by David Safier
The Star has a story today, broken earlier by Luke Knipe on Poco Bravo (Welcome back, Luke!), that TUSD Board member Mark Stegeman has proposed the books previously used by MAS teachers which were removed from classrooms "shall henceforth be subject to the same rules for classroom use as are all other books." It makes sense, but it's pretty weak tea. Stegeman still dislikes the MAS classes and their curriculum, but he's OK about letting the books be used by all TUSD teachers. I'm not impressed.
Notice I didn't use the word "banned" in the paragraph above, even though that's the proper term for the book removal. That's because I want to give the honors to Stegeman himself who appears to admit in the article that the books were banned. In the past, he's maintained the books were not banned. But read this quote in the Star article:
"The law isn't about books," [Stegeman] said. If the Education Department "came back and said 'we think those books have to be banned forever,' I don't think that's the intent of the statute and I'd have to debate that."
If Stegeman wanted to be consistent, he would have used the term "removed from use in certain classrooms" rather than "banned." Call it an admission, call it a Freudian slip, but Stegeman's words affirm TUSD put a selective ban on books used by MAS teachers.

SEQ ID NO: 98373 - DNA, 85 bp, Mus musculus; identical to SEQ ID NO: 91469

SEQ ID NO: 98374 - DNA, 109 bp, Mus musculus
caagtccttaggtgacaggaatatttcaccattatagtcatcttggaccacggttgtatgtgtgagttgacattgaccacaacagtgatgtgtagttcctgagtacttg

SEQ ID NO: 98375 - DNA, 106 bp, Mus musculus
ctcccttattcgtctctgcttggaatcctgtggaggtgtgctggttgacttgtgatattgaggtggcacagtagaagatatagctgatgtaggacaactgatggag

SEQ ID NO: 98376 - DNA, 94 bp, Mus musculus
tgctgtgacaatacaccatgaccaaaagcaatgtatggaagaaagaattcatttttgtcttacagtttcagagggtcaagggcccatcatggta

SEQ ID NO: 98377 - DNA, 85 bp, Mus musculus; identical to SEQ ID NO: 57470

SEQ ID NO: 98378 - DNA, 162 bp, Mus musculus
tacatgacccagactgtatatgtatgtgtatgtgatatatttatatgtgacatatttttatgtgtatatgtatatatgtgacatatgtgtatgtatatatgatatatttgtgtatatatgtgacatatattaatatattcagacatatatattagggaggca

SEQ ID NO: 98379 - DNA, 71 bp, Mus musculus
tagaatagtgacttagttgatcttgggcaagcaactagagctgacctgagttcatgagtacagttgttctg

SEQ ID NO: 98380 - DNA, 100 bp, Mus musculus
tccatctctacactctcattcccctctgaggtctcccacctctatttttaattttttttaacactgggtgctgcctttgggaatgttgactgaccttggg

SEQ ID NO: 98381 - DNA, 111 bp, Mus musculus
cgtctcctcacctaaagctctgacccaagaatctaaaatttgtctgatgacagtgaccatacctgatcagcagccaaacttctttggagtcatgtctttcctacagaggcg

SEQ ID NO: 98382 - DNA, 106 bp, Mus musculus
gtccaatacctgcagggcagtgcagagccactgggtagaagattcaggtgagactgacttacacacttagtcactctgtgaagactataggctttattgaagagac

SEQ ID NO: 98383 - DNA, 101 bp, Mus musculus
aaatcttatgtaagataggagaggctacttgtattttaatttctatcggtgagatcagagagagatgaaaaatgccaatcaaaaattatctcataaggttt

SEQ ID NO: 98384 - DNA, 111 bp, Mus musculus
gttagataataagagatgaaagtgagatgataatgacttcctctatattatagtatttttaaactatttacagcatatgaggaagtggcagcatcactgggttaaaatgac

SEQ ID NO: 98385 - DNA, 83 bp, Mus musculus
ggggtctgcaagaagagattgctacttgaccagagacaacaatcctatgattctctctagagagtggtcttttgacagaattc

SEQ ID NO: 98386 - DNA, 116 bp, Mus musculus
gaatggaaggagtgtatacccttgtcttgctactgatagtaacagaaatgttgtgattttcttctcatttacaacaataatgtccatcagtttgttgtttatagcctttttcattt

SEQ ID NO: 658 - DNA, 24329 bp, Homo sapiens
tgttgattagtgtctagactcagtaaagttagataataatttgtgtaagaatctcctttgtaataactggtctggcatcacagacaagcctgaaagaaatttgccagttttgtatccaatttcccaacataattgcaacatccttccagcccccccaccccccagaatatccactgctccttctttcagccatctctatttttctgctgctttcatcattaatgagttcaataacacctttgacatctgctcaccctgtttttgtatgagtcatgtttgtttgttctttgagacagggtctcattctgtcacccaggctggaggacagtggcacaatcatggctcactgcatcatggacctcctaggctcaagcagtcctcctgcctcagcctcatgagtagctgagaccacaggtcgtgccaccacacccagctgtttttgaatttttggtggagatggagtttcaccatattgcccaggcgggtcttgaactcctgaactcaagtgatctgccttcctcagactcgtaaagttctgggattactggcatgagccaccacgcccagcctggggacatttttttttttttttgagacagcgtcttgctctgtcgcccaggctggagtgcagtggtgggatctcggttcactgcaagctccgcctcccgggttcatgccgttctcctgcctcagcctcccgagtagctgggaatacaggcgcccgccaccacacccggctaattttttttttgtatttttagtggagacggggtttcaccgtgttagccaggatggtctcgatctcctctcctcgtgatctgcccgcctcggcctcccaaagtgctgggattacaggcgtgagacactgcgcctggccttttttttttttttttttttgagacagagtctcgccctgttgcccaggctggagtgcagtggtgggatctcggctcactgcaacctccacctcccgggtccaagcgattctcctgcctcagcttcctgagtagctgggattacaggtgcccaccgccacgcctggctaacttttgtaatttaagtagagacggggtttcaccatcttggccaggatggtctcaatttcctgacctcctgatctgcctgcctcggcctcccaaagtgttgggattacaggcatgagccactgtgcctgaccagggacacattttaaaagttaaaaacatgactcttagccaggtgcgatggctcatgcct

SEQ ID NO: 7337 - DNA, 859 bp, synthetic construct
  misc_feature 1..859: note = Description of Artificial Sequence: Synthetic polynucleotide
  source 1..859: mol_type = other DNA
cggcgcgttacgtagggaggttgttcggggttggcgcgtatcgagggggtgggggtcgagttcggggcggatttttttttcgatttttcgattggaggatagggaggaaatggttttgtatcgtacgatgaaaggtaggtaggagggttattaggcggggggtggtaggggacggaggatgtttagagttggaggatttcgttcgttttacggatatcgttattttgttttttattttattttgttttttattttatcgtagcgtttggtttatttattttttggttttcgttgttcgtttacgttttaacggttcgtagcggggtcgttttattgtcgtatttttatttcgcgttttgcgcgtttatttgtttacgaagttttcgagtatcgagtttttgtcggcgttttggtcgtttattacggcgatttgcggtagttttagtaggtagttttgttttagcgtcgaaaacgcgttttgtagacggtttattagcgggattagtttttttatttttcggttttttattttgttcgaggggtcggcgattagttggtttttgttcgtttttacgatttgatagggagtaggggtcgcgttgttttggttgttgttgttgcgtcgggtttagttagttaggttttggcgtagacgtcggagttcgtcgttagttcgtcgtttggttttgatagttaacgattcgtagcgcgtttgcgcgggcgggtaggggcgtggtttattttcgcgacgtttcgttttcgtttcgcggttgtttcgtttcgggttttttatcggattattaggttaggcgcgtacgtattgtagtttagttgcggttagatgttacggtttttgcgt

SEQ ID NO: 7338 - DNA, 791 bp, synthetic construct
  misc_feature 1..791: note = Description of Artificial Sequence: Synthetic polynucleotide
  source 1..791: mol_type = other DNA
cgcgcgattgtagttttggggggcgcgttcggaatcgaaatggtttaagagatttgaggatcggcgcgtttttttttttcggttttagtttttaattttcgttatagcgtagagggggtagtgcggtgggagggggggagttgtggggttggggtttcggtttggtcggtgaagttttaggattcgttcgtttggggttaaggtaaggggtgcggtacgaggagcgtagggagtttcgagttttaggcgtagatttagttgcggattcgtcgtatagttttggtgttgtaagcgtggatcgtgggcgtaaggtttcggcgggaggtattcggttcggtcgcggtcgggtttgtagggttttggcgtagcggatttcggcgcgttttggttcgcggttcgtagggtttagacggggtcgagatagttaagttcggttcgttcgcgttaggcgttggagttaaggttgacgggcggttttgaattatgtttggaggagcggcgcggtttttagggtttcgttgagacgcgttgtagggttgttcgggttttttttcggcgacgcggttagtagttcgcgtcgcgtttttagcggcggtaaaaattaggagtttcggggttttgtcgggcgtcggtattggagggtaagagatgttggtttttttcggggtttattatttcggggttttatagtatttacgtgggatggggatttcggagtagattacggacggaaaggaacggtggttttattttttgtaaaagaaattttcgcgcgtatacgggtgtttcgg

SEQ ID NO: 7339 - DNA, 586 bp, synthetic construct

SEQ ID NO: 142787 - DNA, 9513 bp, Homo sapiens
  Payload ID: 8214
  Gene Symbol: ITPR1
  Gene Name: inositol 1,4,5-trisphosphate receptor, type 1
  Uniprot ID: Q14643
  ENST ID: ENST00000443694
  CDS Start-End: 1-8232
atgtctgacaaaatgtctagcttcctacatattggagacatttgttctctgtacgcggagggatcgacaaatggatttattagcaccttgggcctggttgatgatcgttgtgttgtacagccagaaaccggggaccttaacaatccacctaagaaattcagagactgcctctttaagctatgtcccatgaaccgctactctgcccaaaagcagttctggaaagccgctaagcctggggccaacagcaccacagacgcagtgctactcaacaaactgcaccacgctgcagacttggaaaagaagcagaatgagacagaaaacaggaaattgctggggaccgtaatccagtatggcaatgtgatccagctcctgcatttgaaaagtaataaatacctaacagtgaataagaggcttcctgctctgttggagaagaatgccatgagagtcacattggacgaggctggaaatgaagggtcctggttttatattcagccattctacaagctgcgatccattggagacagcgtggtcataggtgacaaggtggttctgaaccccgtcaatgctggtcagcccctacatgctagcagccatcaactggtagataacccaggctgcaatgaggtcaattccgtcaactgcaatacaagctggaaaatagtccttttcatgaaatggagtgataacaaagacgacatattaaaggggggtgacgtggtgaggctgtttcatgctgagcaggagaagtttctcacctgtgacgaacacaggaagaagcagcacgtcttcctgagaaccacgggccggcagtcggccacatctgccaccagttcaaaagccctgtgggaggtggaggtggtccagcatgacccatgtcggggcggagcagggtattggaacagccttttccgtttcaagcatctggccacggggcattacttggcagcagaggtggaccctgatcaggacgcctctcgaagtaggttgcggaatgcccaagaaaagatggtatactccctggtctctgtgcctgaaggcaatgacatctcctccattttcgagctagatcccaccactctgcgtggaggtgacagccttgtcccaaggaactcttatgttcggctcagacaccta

Another revelation in the article, for me at least, is that the state Dept of Ed was involved in the book banning. I had always thought TUSD maintained it made the decision on its own. However . . .
The decision to remove the books was made by TUSD in consultation with the Arizona Department of Education, primarily because even though the courses were no longer going to be offered, the students enrolled in them would remain in the same classrooms with the same teachers. [boldface added]
On another note, Freedom Summer is continuing through the summer (Calendar of events here). The next event is An Evening in Celebration of Mario Suarez: Tucson's Original Chicano Author Saturday, 7:30pm, at 314 S. Convent.
NOTE ABOUT PICKETING PEOPLE'S HOUSES: A group of people picketed Mark Stegeman's house. I strongly disagree with that tactic. Picketing his UA office makes sense. Certainly picket Board meetings. But picketing someone's house feels like intimidation to me. It borders on a "We know where you live" threat. I don't want my house picketed for things I write on BfA. I don't want the houses of doctors who perform abortions picketed. And I don't think Stegeman's house should be picketed either.